The Office of Institutional Research & Effectiveness


The Office of Institutional Research and Effectiveness at the College for Financial Planning provides data and information for strategic initiatives, operations, and activities which include researching, reporting, and making recommendations for continuous improvement of institutional effectiveness, academic programs, and student learning.


It is the vision of the Office of Institutional Research and Effectiveness to be seen within the College as the source for decision-making information to actively advance the College’s reputation as the provider of choice for financial education.

Primary Functions

The Office of Institutional Research and Effectiveness functions in three areas: Institutional Effectiveness, Institution Research, and Assessment. The goal of each functional area is to research, report, and provide data-supported recommendations.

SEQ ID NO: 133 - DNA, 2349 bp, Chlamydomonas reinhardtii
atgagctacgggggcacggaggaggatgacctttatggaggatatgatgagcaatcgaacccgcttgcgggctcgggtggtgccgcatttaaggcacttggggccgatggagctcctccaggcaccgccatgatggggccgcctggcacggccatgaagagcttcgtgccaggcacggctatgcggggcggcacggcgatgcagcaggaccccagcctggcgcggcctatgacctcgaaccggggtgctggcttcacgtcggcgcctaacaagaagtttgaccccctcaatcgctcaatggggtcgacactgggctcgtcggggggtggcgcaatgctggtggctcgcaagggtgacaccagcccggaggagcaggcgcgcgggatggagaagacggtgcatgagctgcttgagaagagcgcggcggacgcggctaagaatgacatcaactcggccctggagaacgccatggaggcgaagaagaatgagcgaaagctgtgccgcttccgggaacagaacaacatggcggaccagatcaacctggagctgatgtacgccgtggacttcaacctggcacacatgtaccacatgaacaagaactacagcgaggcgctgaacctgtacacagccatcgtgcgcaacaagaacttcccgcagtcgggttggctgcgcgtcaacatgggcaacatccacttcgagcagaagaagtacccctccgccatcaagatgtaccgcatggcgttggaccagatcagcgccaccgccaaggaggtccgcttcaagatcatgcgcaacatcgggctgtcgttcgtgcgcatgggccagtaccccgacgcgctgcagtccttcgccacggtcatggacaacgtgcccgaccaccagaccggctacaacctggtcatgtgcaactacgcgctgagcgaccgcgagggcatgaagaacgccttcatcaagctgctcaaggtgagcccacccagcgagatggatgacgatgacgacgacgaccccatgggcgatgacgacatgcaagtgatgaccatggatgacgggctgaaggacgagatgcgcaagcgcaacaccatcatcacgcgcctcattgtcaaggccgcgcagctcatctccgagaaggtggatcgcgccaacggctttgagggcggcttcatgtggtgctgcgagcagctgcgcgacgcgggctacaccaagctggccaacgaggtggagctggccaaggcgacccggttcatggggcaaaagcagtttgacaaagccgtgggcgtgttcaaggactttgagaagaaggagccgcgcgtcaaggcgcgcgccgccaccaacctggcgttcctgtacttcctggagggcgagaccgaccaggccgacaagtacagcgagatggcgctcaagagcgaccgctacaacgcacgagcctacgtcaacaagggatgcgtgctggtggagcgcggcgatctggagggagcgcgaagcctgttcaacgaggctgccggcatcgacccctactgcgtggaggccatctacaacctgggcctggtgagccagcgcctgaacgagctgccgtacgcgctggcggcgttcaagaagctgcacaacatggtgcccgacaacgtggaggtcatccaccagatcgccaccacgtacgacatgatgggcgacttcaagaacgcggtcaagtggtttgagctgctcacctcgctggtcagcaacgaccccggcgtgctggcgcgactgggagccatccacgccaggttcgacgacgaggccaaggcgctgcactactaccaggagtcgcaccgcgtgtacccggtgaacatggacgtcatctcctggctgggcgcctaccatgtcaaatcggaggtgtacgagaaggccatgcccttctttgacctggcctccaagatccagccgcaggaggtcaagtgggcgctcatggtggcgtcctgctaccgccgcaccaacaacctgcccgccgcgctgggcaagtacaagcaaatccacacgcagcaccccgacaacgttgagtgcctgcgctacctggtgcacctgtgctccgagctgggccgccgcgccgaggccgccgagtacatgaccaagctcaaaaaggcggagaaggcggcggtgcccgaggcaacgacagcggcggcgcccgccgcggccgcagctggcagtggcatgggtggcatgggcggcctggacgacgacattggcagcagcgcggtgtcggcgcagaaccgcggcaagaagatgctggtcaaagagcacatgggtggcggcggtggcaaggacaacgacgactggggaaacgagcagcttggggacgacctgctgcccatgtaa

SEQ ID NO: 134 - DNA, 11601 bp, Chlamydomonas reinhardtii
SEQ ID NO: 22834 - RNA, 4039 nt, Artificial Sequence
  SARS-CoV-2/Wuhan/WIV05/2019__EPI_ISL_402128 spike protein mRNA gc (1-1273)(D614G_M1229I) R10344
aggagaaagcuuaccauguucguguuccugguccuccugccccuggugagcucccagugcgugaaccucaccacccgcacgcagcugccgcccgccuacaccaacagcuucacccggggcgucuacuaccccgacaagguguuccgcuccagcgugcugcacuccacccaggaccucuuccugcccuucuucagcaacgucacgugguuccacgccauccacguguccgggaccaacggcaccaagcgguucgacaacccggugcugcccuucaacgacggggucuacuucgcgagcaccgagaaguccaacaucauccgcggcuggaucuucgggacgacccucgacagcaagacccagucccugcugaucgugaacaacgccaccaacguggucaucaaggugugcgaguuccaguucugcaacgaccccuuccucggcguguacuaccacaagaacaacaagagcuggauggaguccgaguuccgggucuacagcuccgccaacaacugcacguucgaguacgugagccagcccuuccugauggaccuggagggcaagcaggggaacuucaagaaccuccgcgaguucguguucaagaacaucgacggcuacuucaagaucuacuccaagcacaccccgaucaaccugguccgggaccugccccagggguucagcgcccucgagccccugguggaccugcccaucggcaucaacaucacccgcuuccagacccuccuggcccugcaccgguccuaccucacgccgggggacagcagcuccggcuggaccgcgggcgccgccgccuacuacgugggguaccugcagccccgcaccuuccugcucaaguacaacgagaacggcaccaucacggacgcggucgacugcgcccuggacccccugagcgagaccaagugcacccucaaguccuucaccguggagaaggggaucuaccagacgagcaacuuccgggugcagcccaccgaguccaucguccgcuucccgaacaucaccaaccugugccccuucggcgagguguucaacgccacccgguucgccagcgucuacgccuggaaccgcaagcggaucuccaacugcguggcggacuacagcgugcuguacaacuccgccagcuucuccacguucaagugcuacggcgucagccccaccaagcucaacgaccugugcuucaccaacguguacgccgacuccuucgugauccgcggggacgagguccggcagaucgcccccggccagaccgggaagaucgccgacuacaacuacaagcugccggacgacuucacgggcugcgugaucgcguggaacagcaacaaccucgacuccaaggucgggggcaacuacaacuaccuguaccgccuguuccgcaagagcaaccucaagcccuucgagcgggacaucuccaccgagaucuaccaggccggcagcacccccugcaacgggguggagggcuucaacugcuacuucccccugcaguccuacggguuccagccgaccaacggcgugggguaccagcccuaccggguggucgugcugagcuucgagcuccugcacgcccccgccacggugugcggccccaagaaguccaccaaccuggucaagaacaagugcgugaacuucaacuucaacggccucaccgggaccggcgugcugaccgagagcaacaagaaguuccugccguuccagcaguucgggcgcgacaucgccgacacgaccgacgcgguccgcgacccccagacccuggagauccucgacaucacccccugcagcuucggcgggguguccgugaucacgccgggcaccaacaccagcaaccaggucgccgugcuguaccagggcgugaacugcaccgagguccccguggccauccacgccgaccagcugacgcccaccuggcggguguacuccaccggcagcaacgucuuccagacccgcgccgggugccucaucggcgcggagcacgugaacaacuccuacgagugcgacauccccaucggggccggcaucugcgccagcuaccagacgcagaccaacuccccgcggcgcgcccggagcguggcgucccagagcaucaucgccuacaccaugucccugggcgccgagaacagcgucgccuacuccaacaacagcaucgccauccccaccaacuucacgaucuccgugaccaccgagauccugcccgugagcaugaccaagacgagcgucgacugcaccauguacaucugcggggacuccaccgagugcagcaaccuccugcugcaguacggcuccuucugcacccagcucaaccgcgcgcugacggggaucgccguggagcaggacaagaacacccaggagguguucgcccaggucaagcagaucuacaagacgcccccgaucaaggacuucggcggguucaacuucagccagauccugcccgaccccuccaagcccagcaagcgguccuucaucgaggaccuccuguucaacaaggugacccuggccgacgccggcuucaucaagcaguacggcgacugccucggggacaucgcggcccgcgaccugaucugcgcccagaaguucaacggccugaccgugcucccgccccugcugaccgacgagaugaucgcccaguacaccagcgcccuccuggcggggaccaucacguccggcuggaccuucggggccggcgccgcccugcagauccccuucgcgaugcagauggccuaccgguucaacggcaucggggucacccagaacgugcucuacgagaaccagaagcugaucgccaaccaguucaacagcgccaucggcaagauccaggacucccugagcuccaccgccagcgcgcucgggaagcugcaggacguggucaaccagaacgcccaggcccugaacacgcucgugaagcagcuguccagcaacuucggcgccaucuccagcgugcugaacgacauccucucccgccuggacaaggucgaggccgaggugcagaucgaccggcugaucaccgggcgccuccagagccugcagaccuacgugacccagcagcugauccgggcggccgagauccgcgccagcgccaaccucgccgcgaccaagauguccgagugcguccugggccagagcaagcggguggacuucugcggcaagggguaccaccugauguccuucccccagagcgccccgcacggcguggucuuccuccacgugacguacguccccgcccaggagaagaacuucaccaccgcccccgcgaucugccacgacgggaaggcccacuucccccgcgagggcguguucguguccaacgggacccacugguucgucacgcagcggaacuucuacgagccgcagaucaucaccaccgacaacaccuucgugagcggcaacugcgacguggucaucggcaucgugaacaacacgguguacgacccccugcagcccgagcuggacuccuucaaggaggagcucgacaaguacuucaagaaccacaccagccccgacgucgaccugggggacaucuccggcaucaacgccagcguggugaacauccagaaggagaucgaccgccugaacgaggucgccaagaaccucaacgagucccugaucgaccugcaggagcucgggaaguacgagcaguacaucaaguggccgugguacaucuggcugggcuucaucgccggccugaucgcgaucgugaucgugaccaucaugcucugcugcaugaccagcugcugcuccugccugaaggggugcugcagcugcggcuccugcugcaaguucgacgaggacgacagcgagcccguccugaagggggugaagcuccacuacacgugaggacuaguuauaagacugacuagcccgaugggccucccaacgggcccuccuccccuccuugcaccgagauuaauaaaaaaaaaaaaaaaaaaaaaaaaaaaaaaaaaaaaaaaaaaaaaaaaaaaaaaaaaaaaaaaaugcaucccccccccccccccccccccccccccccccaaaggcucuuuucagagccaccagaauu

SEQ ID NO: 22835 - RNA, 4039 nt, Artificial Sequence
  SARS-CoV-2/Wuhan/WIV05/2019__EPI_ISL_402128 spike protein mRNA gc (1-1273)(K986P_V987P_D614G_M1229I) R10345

Assessment Policy Statement

The College for Financial Planning engages in academic and administrative assessment in order to create a culture of continuous improvement that helps the College to achieve its mission of being the provider of choice for financial education to individuals in the financial services industry. Assessment is conducted to ensure the College is responsive to its students, employees, and regulators. College faculty and staff are empowered to participate in assessment by supportive College leadership and are provided with resources to facilitate meaningful assessment activities. Negative assessment results are used to frame conversations about institutional improvement, and are never used to take any punitive action against an individual or unit. Assessment processes are dynamic and evolve to facilitate continuous improvement and to meet the changing needs of the College and its stakeholders and regulators.